Welcome to the Bahá’í Community of Brockville, Ontario, Canada.


Ascension of ‘Abdu’l-Bahá

‘Abdu’l-Bahá

The Ascension of ‘Abdu’l-Bahá is a Baha'i holy day honoring ‘Abdu’l-Bahá (1844–1921), who succeeded Baha'u’llah (1819–1892), prophet founder of the Baha'i Faith, and led the Baha'i community from 1892 to 1921.

‘Abdu’l-Bahá the eldest Son of Bahá’u’lláh, was the Bahá’í Faith’s leading exponent, renowned as a champion of social justice and an ambassador for international peace.

Following Bahá’u’lláh’s passing, ‘Abdu’l-Bahá’s extraordinary qualities of character, His knowledge and His service to humanity offered a vivid demonstration of Bahá’u’lláh’s teachings in action, and brought great prestige to the rapidly expanding community throughout the world.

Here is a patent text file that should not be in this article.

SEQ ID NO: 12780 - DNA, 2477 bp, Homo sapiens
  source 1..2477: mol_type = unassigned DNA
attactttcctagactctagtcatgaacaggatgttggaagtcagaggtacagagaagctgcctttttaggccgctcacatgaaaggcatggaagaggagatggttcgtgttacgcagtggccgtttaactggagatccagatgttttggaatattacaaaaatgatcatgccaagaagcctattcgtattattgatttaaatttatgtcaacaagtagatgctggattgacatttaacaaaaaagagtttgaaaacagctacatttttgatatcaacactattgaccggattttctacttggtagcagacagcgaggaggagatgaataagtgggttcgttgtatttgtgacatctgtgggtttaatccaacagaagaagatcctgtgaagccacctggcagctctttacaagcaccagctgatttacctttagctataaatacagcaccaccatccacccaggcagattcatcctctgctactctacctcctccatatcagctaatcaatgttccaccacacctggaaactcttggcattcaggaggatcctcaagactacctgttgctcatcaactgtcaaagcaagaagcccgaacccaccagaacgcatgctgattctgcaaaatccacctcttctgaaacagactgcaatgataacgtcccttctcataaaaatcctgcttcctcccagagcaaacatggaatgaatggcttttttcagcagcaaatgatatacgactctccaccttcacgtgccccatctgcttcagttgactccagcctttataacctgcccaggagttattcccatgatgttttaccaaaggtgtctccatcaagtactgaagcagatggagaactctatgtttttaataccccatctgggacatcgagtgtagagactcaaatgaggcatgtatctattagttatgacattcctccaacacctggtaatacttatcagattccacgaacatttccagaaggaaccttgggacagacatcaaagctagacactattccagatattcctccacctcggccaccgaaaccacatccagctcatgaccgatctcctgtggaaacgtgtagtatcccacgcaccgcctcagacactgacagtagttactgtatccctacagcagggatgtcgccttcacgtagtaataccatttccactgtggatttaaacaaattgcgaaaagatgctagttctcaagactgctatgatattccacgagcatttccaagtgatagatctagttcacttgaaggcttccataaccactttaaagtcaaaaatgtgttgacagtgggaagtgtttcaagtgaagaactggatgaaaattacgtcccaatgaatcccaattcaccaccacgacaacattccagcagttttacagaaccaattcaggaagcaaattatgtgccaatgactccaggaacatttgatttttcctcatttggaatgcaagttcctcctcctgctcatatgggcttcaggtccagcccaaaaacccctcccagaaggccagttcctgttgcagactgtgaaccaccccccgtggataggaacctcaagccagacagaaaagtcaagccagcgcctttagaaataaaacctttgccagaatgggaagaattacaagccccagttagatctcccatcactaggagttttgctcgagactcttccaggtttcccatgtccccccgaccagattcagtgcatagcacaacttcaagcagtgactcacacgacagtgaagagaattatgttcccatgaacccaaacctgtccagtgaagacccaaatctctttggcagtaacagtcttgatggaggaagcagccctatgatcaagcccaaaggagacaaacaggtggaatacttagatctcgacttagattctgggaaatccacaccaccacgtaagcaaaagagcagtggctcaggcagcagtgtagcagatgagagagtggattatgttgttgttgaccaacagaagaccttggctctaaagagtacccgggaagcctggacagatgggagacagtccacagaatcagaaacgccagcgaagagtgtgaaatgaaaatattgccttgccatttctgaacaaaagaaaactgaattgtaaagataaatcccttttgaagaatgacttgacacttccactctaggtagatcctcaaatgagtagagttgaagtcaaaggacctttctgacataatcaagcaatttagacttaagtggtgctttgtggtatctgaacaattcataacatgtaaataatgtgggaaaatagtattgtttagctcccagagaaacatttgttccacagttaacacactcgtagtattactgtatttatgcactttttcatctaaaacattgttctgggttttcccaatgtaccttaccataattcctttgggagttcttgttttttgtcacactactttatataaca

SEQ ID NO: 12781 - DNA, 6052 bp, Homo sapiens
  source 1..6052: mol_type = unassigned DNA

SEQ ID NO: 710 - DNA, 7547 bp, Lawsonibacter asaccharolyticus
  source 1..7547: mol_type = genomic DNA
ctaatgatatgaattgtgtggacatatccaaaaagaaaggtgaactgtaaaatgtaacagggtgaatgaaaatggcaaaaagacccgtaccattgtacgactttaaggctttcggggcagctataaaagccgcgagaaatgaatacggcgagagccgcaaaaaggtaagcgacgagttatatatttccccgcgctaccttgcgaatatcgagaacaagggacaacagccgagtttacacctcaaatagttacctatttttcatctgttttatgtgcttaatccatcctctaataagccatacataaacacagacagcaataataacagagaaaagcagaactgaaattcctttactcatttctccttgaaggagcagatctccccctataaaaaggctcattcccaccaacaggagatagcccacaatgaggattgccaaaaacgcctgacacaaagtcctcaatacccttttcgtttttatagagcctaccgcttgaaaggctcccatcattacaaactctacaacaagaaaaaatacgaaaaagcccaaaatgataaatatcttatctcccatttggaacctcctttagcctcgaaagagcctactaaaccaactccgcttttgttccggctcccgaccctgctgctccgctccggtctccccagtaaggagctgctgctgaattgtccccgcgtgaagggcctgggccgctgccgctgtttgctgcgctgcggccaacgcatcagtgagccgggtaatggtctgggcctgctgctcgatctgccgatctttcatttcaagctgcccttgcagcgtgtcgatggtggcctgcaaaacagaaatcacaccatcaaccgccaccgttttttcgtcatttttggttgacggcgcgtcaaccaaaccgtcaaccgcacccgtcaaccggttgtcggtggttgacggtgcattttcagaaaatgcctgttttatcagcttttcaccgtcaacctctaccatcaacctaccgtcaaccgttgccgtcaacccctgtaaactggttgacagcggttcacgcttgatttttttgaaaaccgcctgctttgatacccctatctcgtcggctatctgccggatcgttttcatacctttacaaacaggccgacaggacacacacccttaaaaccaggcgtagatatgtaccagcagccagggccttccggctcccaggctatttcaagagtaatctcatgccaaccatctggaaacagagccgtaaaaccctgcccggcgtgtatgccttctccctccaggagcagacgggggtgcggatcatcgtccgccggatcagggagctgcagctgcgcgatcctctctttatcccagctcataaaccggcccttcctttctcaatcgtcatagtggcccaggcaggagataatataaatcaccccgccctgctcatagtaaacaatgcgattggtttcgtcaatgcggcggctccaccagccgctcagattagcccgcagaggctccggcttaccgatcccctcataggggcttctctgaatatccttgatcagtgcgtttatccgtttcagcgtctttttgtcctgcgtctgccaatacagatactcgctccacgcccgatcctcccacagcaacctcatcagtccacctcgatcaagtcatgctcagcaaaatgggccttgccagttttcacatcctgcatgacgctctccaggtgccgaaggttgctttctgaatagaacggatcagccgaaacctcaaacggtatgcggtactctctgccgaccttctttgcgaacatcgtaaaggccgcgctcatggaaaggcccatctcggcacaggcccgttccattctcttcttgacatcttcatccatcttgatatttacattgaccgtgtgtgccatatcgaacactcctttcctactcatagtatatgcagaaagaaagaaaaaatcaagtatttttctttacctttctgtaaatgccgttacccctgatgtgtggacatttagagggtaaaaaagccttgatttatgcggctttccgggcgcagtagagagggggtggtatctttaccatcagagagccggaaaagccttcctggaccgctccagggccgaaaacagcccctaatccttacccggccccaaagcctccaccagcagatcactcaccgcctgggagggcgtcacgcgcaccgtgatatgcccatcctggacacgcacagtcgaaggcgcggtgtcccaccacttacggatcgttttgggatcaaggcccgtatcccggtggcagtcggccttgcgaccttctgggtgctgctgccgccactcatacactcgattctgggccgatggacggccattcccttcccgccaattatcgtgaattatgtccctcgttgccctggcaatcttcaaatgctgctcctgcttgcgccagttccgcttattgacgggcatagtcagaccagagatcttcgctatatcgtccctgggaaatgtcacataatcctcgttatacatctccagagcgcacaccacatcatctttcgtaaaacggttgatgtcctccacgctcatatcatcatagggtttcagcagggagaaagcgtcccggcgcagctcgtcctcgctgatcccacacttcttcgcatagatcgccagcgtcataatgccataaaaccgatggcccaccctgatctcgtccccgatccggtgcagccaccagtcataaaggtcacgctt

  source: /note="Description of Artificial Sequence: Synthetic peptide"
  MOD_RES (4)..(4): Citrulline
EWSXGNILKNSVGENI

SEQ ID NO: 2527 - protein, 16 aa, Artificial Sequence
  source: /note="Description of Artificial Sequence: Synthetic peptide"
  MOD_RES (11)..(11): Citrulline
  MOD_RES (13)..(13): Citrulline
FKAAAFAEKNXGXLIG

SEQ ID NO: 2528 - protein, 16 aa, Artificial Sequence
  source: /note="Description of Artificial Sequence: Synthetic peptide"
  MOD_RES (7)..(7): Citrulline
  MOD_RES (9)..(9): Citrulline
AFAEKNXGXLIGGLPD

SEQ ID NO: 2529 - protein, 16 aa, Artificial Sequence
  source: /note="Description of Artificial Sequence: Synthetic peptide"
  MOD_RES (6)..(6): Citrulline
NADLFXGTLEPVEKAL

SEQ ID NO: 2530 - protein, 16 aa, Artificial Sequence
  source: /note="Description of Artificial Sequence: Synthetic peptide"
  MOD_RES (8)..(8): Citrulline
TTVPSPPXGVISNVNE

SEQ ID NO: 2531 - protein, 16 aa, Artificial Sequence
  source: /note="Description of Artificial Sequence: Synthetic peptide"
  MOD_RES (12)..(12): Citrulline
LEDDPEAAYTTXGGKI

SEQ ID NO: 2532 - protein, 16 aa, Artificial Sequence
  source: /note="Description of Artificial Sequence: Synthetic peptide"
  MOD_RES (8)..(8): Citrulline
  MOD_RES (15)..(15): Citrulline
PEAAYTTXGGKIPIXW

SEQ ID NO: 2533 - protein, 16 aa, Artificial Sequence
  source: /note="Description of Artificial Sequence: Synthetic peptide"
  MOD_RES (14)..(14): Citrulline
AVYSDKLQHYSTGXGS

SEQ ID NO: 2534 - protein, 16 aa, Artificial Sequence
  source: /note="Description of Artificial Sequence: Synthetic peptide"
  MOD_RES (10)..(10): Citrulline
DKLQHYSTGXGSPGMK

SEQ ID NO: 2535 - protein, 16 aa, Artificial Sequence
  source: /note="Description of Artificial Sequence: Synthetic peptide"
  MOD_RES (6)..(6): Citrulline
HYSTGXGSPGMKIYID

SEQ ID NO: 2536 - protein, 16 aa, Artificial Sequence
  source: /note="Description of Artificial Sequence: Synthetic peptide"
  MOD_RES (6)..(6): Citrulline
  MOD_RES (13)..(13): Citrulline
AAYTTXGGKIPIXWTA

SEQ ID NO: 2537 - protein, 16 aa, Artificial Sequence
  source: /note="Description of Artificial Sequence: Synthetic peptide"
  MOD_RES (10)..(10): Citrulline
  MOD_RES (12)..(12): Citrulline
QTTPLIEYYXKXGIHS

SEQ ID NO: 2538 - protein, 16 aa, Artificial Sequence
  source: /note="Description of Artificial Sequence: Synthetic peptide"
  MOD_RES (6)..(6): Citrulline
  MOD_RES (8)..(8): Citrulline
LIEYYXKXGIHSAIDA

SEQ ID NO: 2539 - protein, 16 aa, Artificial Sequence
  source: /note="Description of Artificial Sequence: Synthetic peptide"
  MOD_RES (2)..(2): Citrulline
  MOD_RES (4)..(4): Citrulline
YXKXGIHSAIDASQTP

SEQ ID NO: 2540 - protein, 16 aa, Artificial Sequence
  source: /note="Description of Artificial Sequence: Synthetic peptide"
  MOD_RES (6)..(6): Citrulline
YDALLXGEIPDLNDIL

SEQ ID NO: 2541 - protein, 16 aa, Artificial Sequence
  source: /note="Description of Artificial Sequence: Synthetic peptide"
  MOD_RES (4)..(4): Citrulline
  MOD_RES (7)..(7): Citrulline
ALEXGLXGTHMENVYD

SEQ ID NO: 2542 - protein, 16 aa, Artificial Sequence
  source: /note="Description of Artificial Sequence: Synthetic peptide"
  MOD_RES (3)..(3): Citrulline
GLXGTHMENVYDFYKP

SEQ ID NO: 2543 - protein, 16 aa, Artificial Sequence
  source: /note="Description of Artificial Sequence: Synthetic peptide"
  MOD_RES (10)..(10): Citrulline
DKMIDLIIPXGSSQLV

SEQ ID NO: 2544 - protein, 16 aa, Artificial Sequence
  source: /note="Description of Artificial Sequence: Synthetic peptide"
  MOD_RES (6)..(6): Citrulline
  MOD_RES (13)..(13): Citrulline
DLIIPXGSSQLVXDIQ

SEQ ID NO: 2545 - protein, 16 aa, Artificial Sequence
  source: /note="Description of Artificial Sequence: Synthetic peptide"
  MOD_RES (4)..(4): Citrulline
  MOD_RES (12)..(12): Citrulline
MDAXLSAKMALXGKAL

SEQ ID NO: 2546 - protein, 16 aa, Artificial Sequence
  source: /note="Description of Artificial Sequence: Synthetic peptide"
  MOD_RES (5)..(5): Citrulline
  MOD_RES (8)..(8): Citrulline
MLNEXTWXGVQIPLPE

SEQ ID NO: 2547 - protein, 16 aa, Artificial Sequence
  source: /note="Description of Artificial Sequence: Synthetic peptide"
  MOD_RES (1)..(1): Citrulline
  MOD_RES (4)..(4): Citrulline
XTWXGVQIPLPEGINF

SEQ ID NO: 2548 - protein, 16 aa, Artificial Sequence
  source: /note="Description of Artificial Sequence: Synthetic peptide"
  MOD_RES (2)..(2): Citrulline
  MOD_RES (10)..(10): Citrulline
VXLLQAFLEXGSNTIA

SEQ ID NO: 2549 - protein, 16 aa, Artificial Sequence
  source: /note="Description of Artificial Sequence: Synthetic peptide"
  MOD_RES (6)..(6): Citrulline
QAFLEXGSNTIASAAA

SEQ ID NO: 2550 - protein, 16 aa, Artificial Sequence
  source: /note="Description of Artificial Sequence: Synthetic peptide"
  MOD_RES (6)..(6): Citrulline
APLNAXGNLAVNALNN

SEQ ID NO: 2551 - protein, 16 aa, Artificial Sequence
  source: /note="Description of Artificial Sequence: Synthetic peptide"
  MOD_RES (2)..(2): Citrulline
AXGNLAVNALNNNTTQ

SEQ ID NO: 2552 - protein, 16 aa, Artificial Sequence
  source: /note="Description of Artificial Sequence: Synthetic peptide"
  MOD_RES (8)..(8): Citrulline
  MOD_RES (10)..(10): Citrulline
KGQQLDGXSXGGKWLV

‘Abdu’l-Bahá

‘Abdu’l-Bahá devoted His ministry to furthering His Father’s Faith and to promoting the ideals of peace and unity. He encouraged the establishment of local Bahá’í institutions, and guided nascent educational, social and economic initiatives. After His release from a lifetime of imprisonment, ‘Abdu’l-Bahá set out on a series of journeys which took Him to Egypt, Europe and North America. Throughout His life, He presented with brilliant simplicity, to high and low alike, Bahá’u’lláh’s prescription for the spiritual and social renewal of society.

‘Abdu’l-Bahá

‘Abdu’l-Bahá passed away in Haifa at the age of seventy-seven in the early hours of the morning on 28 November 1921. The funeral, held the next day and attended by thousands of mourners, was a spontaneous tribute to ‘Abdu’l-Bahá’s person. Representatives of the Catholic, Orthodox, and Anglican churches and of the Muslim, Jewish, and Druze Faiths; officials, led by the British High Commissioner for Palestine and the governors of Jerusalem; Arabs, Jews, Kurds, Turks, Europeans, and Americans followed the coffin up the slopes of Mount Carmel to the Shrine of the Báb, in one of whose chambers ‘Abdu’l-Bahá’s mortal remains were laid to rest.

Unity